The Trimble dash cam is a way for carriers to stay protected and connected. Its purpose is to act as an unbiased witness at the scene of an accident. The 360-degree HD cameras provide video evidence of everything that happens near or around the truck, protecting the driver from false injury or accident claims.Standard features and ease of use for driver.
Each year, there are approximately 458,000 commercial trucking accidents, resulting in 4,657 deaths. Data suggests that having a dash cam could prevent up to 30% of accidents by encouraging drivers to be more aware of their surroundings. Having a dash camera also prevents false allegations by acting as a co-pilot for the driver and offering unbiased video footage of the accident.
The Trimble dash camera system offers a unique pairing of telematics and video footage to encourage safer driving and allow fleet managers to analyze their drivers’ driving habits. The system uses 720p HD video to provide clear video proof that drivers can access directly through a mobile device. Through a monthly subscription, fleet managers can protect their drivers on every route.
Who should get the Trimble Dash Cam?
The Trimble dash cam is best for those looking for constant video protection accompanied by basic telematics that protect the driver and fleet from lawsuits and other legal prosecutions. Trimble also has GPS functions that connect fleets to the supply chain and ensure communication every step of the way.
What is it?
After serving customers for 40 years, Trimble has expanded to more than 150 countries and has over 2,000 worldwide patents, including the Peoplenet dash cam (acquired in 2011). The company has thousands of customers worldwide connected through its fleet management systems. Its base includes 70% of the top 100 for-hire carriers and 30% of the top U.S. brokerage companies.
The Trimble dash cam is a way for carriers to stay protected and connected. Its purpose is to act as an unbiased witness at the scene of an accident. The 360-degree HD cameras provide video evidence of everything that happens near or around the truck, protecting the driver from false injury or accident claims.
How to use the Trimble Dash Cam
Trimble has options for light-duty vehicles and smaller fleets or heavy-duty vehicles and larger fleets. Smaller vehicles use a two-channel DVR that records up to 40 hours of video footage from two cameras. Larger trucks use a four-channel with the capacity of four cameras. Each DVR has a 32GB industrial SD card with two additional SD card slots for optional expanded storage.
In both options, the driver will set up the dash camera on the front windshield in the top center of the glass. Every Trimble camera is a 720p HD camera with a 12-hour sleep timer for recording video even when the engine is off. In the event of an accident, drivers can retrieve past video footage on a connected smart device and present the footage to an officer at the scene within 10 minutes.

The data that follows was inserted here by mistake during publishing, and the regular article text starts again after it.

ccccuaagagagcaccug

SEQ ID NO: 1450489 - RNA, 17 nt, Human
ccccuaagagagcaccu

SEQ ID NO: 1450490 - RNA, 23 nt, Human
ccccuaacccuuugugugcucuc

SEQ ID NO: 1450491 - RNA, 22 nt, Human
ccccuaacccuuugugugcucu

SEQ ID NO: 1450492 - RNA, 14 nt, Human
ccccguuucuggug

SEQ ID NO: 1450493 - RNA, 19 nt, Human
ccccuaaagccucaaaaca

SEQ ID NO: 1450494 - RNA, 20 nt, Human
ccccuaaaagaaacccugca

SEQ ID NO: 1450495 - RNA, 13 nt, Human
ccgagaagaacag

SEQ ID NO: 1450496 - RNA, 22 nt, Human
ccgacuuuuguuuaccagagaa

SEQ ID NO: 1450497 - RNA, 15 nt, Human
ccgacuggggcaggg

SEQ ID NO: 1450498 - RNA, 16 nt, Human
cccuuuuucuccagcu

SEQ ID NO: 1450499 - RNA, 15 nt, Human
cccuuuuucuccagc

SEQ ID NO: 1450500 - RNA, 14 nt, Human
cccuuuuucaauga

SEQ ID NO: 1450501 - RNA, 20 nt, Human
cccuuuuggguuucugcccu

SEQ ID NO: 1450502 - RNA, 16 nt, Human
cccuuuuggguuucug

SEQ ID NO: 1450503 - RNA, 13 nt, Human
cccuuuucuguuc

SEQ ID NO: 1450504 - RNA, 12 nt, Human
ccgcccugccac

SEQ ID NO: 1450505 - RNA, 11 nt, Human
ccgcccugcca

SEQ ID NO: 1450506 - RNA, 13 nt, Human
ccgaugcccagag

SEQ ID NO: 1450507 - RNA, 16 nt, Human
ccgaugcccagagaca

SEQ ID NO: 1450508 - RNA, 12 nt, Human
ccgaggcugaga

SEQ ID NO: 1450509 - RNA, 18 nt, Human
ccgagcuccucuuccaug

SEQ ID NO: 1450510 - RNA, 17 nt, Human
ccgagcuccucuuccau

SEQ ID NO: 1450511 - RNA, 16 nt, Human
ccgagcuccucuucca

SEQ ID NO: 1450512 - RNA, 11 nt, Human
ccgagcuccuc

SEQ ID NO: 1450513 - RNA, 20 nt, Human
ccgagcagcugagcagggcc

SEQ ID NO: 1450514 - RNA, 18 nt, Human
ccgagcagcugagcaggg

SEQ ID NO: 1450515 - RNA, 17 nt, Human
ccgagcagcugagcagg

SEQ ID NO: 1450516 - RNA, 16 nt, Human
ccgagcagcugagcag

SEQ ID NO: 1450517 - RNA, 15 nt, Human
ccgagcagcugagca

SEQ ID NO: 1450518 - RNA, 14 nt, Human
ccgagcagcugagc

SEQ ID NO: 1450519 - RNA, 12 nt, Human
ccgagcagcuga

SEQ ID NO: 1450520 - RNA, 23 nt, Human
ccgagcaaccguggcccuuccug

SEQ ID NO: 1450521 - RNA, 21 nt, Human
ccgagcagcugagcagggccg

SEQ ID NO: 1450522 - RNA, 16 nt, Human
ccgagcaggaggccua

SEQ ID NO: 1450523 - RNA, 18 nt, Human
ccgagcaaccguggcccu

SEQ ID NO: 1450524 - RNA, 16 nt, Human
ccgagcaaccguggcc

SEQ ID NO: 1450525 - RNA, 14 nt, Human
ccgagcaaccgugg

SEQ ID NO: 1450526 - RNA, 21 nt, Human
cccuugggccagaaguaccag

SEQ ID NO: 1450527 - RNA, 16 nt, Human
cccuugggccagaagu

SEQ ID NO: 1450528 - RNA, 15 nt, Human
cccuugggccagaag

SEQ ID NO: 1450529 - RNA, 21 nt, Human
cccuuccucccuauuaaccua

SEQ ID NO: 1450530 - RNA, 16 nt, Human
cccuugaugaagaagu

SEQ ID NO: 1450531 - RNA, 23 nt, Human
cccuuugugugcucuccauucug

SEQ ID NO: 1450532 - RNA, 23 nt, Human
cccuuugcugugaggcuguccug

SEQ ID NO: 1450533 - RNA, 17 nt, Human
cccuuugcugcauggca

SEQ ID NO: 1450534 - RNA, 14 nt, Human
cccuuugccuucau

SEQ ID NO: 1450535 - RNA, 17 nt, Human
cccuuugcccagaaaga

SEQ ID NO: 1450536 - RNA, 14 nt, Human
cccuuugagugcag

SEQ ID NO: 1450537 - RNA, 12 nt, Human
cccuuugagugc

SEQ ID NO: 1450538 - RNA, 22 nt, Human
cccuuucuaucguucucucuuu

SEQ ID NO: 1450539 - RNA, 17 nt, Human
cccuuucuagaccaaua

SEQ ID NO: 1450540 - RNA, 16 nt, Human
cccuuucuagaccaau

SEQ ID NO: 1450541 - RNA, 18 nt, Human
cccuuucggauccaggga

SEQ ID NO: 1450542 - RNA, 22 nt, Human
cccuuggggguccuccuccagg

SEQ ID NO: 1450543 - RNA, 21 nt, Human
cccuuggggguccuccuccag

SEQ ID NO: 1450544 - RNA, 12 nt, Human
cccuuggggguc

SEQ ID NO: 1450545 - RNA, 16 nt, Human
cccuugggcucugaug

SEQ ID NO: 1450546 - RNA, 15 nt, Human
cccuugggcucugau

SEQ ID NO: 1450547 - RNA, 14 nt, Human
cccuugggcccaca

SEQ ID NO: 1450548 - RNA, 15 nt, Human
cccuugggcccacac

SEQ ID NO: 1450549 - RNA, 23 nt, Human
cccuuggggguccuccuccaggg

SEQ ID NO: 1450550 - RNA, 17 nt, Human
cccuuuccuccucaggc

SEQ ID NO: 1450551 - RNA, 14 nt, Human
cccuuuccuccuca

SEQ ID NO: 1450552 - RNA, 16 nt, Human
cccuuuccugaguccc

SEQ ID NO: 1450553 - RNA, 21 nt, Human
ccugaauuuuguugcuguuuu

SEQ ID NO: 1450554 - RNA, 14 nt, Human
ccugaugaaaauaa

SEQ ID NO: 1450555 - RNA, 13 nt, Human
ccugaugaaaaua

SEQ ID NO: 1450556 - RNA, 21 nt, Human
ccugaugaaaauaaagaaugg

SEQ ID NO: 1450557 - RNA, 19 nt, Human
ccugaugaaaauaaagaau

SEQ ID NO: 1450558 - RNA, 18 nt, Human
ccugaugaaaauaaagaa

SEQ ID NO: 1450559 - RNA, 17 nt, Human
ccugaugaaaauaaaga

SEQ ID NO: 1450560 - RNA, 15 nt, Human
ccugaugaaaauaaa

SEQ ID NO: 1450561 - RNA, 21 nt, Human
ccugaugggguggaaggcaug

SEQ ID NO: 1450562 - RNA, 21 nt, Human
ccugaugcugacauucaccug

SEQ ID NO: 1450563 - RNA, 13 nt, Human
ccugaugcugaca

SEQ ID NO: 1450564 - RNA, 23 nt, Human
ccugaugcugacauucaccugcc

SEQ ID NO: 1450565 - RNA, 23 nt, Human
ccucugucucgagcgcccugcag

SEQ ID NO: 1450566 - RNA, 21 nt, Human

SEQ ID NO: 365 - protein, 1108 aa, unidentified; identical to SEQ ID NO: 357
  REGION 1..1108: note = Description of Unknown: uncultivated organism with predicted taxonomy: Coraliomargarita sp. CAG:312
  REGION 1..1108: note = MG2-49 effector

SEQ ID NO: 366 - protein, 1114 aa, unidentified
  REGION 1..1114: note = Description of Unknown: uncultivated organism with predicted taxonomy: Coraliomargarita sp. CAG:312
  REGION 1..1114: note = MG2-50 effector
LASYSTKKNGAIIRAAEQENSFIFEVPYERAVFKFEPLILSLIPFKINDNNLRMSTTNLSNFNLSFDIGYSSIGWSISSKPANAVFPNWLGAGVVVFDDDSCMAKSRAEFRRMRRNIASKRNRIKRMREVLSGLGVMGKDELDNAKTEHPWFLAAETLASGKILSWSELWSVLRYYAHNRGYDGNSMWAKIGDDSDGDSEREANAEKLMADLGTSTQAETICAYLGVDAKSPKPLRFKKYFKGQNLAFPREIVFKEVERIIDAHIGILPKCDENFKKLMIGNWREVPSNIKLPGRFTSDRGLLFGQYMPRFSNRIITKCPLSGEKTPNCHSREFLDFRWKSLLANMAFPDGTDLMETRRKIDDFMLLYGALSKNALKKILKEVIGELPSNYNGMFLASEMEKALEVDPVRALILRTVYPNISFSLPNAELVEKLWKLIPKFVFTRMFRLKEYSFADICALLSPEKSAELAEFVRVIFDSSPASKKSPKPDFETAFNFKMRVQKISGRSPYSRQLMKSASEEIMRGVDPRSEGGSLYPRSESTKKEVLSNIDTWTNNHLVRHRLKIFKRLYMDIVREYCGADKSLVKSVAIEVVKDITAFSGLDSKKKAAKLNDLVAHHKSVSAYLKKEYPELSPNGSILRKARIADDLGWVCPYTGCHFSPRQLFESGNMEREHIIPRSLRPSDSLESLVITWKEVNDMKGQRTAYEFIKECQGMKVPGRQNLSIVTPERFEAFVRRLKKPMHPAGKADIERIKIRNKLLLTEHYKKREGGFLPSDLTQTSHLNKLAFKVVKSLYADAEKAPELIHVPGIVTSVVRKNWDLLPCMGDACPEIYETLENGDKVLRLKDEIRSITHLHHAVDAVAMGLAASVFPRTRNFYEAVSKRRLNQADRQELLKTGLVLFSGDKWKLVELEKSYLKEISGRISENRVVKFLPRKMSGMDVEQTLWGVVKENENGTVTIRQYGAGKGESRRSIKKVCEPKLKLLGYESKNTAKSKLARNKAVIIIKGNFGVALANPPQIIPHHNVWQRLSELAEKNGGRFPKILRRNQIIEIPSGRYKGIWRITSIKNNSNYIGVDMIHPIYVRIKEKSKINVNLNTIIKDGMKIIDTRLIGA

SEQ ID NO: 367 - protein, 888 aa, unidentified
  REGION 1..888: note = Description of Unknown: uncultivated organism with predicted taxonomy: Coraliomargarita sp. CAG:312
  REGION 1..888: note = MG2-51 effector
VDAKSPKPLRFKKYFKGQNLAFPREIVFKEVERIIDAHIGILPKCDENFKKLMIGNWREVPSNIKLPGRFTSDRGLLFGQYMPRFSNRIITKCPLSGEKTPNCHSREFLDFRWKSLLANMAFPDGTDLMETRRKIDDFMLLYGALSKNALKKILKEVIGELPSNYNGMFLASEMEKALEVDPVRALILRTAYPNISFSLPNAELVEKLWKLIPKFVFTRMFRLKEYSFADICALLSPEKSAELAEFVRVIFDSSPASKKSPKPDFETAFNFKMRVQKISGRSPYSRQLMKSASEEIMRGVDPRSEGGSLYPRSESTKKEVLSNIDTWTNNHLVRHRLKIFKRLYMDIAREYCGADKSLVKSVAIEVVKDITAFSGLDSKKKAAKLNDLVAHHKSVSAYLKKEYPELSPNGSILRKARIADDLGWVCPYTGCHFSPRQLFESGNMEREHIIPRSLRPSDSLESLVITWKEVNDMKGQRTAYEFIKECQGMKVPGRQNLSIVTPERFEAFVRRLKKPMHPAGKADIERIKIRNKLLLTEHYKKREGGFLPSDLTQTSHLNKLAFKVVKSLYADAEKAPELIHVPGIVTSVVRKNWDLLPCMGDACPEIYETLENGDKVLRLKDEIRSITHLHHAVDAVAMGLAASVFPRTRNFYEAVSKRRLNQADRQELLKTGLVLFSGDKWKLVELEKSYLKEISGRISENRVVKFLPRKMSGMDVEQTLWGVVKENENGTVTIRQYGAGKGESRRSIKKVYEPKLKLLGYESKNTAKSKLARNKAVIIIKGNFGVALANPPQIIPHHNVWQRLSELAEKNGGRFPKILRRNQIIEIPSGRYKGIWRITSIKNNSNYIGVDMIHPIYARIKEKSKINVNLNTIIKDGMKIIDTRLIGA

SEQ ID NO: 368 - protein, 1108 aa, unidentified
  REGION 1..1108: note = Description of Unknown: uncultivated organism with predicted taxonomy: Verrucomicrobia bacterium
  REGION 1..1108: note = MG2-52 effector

The driver can install the DVR in one of three places: the kick panel, beneath the lower dash panel, or in the center console on either side of the vehicle. The driver will also have to install the antenna on top of the dash. Overall, the installation is straightforward and easy-to-follow—though some steps may present challenges to the average driver.
The cameras are wired to the DVR, while the DVR provides constant coverage through LTE 4G cellular service. If the DC9-28v power supply to the DVR abruptly stops, the device switches to an internal backup power system to maintain constant video protection.
The DVR also has telematics integration, which monitors the truck’s acceleration and deceleration. If a driver accelerates or comes to abrupt stops, the system will alert driving coaches to help the driver work on unsafe behaviors. By monitoring dangerous driving, your fleet can avoid up to 30% of potential driving accidents.
The driver can access footage from the cameras by pairing their DVR to their smartphone through dvr.trimblevi.com. Once paired, drivers can access footage from every camera installed in the truck without hassle.
Frequently Asked Questions about the Trimble Dash Cam
Is Trimble legit?
Trimble was founded in 1978 and provides reliable technology solutions across several industries. Trimble acquired Peoplenet in 2011, adding to its list of fleet management options. The Peoplenet fleet manager system included dash cams, which makes it easy for Trimble to incorporate trucking camera systems as an option for customers. In short, Trimble is a trustworthy company that offers reliable equipment.
Are truckers required to have a dash cam?
Dash cameras in commercial trucks are not required. Truckers and drivers can’t be fined or cited for not having a dash camera installed. However, many commercial trucking companies install dash cameras for the protection of the driver.
Dash cameras act as co-pilots for the driver. If the trucker were to get in an accident, the dash camera provides evidence to support the trucker’s point of view. Truckers should have front-facing dash cams to protect the driver and fleet manager in case of an accident.